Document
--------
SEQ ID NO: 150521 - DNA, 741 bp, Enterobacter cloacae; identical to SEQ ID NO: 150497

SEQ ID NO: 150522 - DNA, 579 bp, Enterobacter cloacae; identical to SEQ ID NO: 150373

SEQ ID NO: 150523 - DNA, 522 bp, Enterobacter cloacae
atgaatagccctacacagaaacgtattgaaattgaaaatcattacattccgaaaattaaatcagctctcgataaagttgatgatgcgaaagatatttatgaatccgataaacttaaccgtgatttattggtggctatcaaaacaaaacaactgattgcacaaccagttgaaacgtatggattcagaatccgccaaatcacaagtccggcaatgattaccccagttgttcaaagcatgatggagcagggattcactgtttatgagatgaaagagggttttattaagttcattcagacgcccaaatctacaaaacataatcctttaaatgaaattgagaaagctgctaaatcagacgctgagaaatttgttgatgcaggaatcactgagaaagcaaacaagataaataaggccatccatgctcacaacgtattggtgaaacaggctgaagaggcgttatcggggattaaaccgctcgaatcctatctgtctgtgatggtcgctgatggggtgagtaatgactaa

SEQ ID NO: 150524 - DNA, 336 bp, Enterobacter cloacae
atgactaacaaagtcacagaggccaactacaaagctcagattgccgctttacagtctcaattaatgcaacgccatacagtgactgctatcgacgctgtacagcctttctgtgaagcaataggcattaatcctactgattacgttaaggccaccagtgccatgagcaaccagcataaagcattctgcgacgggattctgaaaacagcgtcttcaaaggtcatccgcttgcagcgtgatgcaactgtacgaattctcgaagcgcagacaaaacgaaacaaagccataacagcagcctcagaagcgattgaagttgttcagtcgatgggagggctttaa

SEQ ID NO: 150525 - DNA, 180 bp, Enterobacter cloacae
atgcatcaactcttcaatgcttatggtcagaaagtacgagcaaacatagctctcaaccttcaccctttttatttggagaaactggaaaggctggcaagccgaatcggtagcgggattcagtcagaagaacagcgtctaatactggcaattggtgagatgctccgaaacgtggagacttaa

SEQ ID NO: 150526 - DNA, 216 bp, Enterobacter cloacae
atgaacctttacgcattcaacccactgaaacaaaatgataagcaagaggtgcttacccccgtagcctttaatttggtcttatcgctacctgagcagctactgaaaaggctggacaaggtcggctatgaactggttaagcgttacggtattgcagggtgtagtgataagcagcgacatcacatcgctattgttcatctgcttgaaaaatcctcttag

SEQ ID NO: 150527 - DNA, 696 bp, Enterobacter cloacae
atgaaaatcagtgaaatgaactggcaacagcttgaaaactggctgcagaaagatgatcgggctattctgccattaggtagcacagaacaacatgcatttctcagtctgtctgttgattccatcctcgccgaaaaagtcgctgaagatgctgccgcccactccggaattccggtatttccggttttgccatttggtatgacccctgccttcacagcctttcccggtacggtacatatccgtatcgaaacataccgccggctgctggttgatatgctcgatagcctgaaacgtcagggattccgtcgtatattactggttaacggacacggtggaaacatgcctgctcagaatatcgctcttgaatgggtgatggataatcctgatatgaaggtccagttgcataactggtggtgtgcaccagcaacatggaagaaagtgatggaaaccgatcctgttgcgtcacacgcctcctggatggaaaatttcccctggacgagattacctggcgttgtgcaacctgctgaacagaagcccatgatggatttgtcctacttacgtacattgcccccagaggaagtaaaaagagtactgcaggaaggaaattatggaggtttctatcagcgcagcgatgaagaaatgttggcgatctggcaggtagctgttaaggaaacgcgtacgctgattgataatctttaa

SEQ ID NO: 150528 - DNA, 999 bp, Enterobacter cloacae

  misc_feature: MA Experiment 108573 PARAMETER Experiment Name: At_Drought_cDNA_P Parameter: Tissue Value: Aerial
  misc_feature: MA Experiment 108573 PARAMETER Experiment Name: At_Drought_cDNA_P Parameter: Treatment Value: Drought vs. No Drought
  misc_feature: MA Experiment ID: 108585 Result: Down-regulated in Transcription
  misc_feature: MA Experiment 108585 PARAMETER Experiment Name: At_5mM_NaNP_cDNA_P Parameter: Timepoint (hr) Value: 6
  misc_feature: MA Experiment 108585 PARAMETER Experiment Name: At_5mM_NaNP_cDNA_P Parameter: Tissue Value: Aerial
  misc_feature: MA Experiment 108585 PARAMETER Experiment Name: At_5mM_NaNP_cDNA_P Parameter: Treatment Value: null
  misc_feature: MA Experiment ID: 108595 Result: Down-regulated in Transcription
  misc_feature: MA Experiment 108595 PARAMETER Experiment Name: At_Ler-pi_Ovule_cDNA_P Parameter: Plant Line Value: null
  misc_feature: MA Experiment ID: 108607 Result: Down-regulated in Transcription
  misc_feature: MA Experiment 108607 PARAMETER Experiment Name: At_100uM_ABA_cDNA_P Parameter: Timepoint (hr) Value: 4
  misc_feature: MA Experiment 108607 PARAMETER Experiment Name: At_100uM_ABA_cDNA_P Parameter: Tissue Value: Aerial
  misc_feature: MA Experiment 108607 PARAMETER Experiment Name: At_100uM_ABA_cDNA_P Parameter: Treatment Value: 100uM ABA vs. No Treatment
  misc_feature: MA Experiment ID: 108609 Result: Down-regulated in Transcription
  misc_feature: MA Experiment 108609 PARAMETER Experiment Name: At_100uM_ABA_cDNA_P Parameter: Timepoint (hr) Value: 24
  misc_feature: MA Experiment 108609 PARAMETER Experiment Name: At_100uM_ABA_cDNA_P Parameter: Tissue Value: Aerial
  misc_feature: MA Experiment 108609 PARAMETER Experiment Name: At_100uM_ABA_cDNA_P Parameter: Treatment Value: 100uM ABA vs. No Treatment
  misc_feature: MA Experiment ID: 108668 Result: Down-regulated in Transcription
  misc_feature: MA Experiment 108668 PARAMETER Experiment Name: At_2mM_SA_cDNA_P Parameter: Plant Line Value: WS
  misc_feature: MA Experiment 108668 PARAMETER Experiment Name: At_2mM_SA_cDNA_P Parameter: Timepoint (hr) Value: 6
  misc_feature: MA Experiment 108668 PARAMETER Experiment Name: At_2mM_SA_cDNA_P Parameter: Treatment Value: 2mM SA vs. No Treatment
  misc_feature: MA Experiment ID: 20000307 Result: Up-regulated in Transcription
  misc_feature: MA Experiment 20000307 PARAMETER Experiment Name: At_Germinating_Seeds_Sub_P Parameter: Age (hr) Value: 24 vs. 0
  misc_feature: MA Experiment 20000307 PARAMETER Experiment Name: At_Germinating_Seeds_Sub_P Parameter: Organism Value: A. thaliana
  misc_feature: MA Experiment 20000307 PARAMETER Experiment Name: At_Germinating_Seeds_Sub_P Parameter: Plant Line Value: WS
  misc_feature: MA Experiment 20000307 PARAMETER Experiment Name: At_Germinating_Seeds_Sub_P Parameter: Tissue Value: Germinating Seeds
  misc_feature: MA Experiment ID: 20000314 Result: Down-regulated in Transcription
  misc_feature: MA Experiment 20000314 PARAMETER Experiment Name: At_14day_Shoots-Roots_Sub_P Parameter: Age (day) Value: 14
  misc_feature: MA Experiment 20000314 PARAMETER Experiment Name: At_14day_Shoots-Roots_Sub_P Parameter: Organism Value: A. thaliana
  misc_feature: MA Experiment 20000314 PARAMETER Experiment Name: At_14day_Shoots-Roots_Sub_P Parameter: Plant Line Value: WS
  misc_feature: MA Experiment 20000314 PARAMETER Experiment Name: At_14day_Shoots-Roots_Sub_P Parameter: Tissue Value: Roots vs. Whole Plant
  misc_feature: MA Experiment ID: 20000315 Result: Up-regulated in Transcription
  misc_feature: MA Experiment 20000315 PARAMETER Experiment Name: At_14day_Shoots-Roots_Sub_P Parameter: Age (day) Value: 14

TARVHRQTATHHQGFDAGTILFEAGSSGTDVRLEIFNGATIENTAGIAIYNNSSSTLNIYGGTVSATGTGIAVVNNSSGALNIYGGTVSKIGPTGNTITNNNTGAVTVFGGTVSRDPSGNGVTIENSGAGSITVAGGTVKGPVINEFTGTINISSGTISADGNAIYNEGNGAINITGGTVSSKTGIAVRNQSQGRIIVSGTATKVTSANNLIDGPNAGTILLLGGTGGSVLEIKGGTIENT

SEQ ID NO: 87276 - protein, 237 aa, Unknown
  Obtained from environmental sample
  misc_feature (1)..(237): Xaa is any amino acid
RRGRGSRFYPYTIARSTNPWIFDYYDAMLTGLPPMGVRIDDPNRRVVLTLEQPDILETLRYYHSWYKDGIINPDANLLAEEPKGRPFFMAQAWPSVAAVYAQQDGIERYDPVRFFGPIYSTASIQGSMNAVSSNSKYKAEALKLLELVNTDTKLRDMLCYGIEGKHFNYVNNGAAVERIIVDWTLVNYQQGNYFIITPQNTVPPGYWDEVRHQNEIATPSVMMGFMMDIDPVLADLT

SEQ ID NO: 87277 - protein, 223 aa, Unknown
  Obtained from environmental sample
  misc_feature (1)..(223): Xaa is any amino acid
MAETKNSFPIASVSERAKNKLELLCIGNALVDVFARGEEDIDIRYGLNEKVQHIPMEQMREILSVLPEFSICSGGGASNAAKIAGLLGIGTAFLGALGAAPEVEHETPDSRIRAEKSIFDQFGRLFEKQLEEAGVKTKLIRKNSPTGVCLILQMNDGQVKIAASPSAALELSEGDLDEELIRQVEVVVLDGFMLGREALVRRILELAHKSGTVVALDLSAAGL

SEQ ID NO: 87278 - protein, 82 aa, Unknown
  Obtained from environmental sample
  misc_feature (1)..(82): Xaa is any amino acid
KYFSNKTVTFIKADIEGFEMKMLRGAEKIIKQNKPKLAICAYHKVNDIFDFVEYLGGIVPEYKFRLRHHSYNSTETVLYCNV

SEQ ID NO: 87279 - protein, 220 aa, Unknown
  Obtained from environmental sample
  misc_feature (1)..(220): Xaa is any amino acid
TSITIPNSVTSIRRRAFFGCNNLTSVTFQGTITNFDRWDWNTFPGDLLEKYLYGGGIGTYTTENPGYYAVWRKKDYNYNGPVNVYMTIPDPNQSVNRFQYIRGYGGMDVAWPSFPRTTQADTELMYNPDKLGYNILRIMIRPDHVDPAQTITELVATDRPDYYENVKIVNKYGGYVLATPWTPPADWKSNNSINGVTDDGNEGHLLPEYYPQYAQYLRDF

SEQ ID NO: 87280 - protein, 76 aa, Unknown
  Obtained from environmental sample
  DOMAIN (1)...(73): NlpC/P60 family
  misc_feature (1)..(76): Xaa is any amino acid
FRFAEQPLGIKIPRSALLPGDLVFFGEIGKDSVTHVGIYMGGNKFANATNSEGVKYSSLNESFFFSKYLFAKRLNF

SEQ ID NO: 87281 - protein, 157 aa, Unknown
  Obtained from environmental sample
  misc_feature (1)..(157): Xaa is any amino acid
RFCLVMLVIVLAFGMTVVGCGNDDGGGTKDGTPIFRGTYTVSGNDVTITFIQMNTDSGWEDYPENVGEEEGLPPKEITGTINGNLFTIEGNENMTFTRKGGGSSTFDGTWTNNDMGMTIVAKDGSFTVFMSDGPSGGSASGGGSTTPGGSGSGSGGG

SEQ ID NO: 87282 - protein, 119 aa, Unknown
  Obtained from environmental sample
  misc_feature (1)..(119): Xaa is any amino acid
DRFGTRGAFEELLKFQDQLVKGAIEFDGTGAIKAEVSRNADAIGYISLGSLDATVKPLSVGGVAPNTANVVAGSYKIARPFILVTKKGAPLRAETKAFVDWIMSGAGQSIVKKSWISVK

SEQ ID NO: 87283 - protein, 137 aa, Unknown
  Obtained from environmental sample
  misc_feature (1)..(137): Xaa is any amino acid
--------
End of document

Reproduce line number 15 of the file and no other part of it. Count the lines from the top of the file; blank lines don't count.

  misc_feature: MA Experiment 108573 PARAMETER Experiment Name: At_Drought_cDNA_P Parameter: Treatment Value: Drought vs. No Drought